Release Date: Sep 22, 2017
Record label: Jagjaguwar
Genre(s): Pop/Rock, Alternative/Indie Rock
Ahead of the release of his debut album, Moses Sumney posted a “prose-poem essay” on Twitter. Titled ‘Break Up Letter’, it outlines the artist’s thoughts on love and lovelessness, themes that form the core of his debut album Aromanticism. In it, Moses considers mythological tales of the origin of love and questions whether our fear of loneliness and desire for love is inherent in our cellular makeup or something that is inherited through societal forces.
If hard work is the key to success, then patience is the carabiner that keeps it from being misplaced along the way. It’s about bolstering passion when it flows through you, then breathing deeply and evenly so as to not misrepresent it, taking your time with what at one point felt urgent and immediate. When an artist can be an editor as well as a creator, they know how to shave their piece and fine-tune its inner workings until it stands as a piece of art as well as a message too deep to be encapsulated.
African-American writer and activist Langston Hughes penned these unsentimental lyrics in 1946: “The night for me is not romantic/Unhook the stars and take them down.” On Moses Sumney’s full-length debut, the art-soul singer-songwriter taps into the enduring resonance of Hughes’ blues melancholy. What does it mean to never experience romantic love in a world so structured by the need for it? Alongside other post-Arthur Russell auteurs like Arca or Perfume Genius, Sumney’s got a jones for drifty, slo-mo songcraft and ambient production. Across a couple of EPs, including last year’s Lamentations, he’s explored these drifting, spare environments while distinguishing himself with his austere guitar arrangements and performances.
Loneliness is a recurrent ache in pop music; the diagnosis is normally heartbreak, unrequited love or loss. Moses Sumney has a slightly different take on what is drily termed “aromanticism” – an imperviousness to coupling up. Born of exacting self-scrutiny, it is bolstered by 70s soul, Greek myth and what sounds like a personal phalanx of angels that routinely dive bombs this gorgeously crafted album. We’re not all destined to be completed by some special someone, the LA musician seems to conclude.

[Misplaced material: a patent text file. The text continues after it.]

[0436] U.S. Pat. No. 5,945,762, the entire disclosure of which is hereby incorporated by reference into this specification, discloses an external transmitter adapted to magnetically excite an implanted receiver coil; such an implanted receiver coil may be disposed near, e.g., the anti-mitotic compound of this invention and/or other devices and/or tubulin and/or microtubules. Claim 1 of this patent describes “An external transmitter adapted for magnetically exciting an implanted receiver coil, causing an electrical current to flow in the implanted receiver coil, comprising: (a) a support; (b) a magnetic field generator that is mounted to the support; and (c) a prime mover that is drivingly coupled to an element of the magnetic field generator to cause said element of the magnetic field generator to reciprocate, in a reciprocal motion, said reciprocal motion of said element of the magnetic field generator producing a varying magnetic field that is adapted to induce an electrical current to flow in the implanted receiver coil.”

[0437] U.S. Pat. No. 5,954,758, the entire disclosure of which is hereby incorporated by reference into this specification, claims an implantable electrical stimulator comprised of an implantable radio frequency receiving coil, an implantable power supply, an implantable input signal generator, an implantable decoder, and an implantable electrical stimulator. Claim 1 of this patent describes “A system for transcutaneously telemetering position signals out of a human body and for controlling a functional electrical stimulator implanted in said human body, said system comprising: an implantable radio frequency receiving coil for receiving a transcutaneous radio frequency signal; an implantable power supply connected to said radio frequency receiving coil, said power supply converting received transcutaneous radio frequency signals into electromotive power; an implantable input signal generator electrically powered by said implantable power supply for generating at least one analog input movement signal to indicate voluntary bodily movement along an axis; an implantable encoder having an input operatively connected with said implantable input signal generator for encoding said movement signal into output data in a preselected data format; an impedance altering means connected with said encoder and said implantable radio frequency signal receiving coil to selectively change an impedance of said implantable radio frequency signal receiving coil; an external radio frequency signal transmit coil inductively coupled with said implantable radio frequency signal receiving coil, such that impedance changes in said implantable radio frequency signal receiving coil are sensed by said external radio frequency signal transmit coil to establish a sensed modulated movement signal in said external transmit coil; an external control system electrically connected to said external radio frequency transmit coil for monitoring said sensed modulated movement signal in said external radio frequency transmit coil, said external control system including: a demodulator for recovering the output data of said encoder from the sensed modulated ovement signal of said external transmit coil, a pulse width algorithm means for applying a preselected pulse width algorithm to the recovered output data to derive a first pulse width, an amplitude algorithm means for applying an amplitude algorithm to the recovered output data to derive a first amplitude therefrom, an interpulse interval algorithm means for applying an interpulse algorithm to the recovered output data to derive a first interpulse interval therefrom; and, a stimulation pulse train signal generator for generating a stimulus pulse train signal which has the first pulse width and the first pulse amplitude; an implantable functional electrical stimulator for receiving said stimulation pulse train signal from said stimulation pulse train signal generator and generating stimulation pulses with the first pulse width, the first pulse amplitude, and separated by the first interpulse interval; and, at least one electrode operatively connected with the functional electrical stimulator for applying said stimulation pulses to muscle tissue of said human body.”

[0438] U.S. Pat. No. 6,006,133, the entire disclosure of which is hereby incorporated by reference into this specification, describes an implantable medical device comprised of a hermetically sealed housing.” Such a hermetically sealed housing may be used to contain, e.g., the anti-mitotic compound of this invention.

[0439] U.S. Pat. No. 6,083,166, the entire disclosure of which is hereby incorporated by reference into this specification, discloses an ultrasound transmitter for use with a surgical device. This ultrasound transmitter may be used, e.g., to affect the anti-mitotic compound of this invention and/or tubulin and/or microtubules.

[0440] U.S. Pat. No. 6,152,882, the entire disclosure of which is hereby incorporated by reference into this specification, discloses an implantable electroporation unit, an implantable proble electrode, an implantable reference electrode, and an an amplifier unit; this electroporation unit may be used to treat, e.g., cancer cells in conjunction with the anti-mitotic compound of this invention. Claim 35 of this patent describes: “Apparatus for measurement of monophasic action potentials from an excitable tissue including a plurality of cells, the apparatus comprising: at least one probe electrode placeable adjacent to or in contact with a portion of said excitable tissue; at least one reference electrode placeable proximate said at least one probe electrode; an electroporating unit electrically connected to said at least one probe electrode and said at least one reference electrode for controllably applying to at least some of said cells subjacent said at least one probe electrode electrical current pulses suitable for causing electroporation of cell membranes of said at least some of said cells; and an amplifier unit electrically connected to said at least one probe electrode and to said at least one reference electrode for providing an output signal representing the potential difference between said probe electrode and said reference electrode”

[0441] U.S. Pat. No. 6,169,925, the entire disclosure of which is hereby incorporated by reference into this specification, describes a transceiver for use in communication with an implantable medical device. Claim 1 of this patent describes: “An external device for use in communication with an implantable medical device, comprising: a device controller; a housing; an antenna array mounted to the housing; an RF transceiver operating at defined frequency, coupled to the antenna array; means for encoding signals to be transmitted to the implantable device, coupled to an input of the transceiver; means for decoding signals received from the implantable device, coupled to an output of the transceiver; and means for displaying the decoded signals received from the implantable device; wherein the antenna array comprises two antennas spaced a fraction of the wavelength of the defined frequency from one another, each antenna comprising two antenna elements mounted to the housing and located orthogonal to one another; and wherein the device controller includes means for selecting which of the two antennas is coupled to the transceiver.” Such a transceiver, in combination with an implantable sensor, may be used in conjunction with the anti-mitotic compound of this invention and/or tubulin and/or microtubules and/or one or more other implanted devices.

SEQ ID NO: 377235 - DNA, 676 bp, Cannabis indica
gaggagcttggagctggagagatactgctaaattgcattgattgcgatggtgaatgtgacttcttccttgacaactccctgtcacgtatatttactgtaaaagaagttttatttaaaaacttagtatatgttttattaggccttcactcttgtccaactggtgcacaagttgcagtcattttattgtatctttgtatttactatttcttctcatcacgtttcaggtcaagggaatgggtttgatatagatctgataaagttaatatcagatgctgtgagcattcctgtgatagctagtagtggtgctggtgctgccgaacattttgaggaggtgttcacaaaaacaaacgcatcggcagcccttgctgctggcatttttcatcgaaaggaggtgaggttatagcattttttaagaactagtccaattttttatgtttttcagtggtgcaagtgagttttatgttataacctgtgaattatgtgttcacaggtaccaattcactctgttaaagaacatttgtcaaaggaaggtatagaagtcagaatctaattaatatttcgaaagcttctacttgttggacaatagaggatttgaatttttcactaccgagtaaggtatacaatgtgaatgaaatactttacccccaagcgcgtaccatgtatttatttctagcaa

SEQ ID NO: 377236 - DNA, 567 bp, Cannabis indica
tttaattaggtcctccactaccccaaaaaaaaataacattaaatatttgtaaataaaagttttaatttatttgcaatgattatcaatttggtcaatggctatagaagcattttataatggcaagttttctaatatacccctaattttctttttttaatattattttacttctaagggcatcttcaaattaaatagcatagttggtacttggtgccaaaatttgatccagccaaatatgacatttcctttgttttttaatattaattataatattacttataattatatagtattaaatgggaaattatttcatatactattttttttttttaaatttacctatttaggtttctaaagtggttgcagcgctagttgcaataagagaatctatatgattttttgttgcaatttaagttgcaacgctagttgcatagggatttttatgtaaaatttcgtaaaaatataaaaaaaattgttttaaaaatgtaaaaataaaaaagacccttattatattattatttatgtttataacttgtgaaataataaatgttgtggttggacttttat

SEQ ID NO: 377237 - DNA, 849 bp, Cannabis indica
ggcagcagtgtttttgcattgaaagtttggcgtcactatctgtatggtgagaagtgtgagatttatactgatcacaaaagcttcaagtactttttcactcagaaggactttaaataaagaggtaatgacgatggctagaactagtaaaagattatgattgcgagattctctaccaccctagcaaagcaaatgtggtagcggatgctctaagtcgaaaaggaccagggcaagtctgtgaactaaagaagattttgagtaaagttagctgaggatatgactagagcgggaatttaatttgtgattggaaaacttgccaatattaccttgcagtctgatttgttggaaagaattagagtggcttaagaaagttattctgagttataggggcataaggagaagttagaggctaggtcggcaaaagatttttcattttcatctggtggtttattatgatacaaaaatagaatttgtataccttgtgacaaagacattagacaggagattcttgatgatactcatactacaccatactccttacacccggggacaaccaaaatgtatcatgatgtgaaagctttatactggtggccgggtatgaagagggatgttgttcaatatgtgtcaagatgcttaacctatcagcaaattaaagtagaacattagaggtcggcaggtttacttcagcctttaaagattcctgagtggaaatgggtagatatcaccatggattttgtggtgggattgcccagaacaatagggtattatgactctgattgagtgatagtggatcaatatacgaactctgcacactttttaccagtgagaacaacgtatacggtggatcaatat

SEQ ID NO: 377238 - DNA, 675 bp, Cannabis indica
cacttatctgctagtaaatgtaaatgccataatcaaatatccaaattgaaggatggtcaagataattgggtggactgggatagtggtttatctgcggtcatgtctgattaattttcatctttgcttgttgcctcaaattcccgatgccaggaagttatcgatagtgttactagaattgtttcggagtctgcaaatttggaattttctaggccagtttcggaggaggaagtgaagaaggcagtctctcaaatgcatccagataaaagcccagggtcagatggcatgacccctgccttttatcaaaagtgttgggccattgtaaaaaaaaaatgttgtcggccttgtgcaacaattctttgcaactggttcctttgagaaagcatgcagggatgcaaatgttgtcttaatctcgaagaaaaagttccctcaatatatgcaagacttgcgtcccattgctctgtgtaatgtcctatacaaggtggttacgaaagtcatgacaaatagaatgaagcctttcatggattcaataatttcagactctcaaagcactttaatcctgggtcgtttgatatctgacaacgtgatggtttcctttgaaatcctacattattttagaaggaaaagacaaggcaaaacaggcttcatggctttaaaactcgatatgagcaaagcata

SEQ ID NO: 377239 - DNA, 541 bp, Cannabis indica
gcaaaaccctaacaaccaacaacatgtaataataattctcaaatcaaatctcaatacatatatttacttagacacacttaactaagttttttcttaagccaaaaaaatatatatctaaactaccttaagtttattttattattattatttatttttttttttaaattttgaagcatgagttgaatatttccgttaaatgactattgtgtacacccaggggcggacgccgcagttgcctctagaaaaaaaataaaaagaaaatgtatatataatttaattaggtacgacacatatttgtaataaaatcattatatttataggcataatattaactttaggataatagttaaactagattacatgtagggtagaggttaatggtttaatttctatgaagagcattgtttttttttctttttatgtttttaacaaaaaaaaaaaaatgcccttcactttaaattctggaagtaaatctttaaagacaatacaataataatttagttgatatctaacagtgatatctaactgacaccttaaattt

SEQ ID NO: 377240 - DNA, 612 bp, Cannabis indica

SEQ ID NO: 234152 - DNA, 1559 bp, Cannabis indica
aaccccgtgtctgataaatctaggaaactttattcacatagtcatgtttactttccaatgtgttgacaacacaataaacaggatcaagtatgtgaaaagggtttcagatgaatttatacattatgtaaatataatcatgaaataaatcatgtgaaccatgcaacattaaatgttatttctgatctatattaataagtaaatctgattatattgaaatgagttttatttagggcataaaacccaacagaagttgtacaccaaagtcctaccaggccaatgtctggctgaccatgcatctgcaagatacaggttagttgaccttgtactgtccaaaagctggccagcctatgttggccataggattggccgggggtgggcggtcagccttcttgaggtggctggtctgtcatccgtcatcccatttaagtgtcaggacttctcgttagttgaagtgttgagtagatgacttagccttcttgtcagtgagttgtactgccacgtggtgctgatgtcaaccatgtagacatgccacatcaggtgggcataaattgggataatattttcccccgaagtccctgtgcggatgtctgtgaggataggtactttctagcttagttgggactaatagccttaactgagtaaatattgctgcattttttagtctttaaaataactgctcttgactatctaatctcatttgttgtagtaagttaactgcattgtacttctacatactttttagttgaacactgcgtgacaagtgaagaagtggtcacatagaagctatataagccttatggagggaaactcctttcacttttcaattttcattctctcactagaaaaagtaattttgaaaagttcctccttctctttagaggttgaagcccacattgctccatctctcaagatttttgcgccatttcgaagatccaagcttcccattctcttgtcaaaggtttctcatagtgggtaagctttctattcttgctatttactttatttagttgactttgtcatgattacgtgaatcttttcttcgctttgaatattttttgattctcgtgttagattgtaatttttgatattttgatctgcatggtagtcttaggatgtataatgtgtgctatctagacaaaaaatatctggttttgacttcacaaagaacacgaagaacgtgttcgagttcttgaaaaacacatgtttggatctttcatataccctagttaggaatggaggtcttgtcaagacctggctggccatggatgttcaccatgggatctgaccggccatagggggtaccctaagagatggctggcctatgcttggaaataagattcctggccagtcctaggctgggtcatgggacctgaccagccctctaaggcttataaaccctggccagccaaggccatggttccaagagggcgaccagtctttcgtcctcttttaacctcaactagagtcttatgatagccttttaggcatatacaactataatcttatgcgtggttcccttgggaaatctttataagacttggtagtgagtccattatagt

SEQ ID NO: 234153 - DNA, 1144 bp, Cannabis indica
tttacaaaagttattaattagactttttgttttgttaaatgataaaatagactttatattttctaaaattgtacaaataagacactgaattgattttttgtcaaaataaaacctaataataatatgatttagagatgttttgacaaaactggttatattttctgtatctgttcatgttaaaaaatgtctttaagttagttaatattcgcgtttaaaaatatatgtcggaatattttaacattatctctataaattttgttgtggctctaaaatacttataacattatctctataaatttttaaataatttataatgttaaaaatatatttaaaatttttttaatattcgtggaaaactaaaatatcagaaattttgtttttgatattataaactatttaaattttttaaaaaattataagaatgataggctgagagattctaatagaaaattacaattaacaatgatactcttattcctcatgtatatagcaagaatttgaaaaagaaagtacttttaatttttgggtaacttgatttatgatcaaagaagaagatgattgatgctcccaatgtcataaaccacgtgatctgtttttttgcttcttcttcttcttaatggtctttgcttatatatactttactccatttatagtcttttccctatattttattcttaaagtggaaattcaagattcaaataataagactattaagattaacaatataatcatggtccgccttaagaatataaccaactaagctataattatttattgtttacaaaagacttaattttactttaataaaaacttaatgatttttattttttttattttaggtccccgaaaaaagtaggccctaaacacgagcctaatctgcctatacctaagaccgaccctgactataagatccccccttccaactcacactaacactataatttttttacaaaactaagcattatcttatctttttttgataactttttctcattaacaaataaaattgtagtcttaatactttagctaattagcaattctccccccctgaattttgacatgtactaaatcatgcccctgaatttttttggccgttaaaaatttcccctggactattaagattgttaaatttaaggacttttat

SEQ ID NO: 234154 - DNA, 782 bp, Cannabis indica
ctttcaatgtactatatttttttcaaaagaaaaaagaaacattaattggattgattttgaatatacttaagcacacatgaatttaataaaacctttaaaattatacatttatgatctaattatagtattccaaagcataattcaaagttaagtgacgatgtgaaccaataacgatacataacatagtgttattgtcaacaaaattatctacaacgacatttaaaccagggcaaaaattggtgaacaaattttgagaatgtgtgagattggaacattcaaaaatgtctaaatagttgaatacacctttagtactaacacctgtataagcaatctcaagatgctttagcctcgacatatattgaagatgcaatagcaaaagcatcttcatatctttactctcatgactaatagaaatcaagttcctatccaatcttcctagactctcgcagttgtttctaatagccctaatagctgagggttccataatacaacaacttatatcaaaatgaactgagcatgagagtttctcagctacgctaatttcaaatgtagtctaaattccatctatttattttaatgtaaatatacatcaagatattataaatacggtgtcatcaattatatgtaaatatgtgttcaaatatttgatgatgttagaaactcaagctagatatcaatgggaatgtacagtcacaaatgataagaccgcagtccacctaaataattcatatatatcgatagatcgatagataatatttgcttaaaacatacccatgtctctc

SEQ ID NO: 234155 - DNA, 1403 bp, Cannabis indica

On the cover of Moses Sumney's long-awaited debut full-length album Aromanticism, Sumney is levitating about a foot off the ground; his head is not visible. Given that his hands are clasped behind his back in tangled prayer, perhaps Sumney's head is bowed. Or maybe it's floating high above the clouds, providing Sumney with a perspective that prayer does not offer.
From assumptions like this, taken from his “prose-poem essay”, it would be easy to see LA-based Moses Sumney’s debut album as pretentious. A concept record with a heavily philosophical and Biblical story behind it, Aromanticism comes from a musician who has worked with Solange Knowles, and toured with James Blake and Sufjan Stevens. Unsurprisingly, it is filled with an impressive list of collaborators – Thundercat, Rob Moose, Paris Strother of KING, and Matthew Otto of Majical Cloudz. But Aromanticism is not just a record of big ideas: it’s a brave album furnished with heartfelt intent, and the musicality to pull it off.
Moses Sumney’s voice lingers somewhere between dream and reality, then gently melts into your subconscious. On first listen the subject matter of his debut album, Aromaticism, completely evaded me as his vocals took centrestage. A controlled falsetto renders the rare moment when we hear his lower register all the more delightful. ‘Doomed’, originally released in 2016, is one of these moments.
Though he’d already established his vitality as a songwriter, Moses Sumney truly hit a new benchmark in 2016 with the transformative “Lonely World.” It’s self-actualization in five minutes: Sumney’s falsetto sits in guitar-cradled solemnity before the kick drum cracks the darkness a minute-and-a-half through. The preciousness gradually peels away, and the song climaxes as reverberating chirps encircle his voice, a levitating coo, while the percussion grows spasmodic. It’s the sound of earthy lamentation willing its way into the firmament.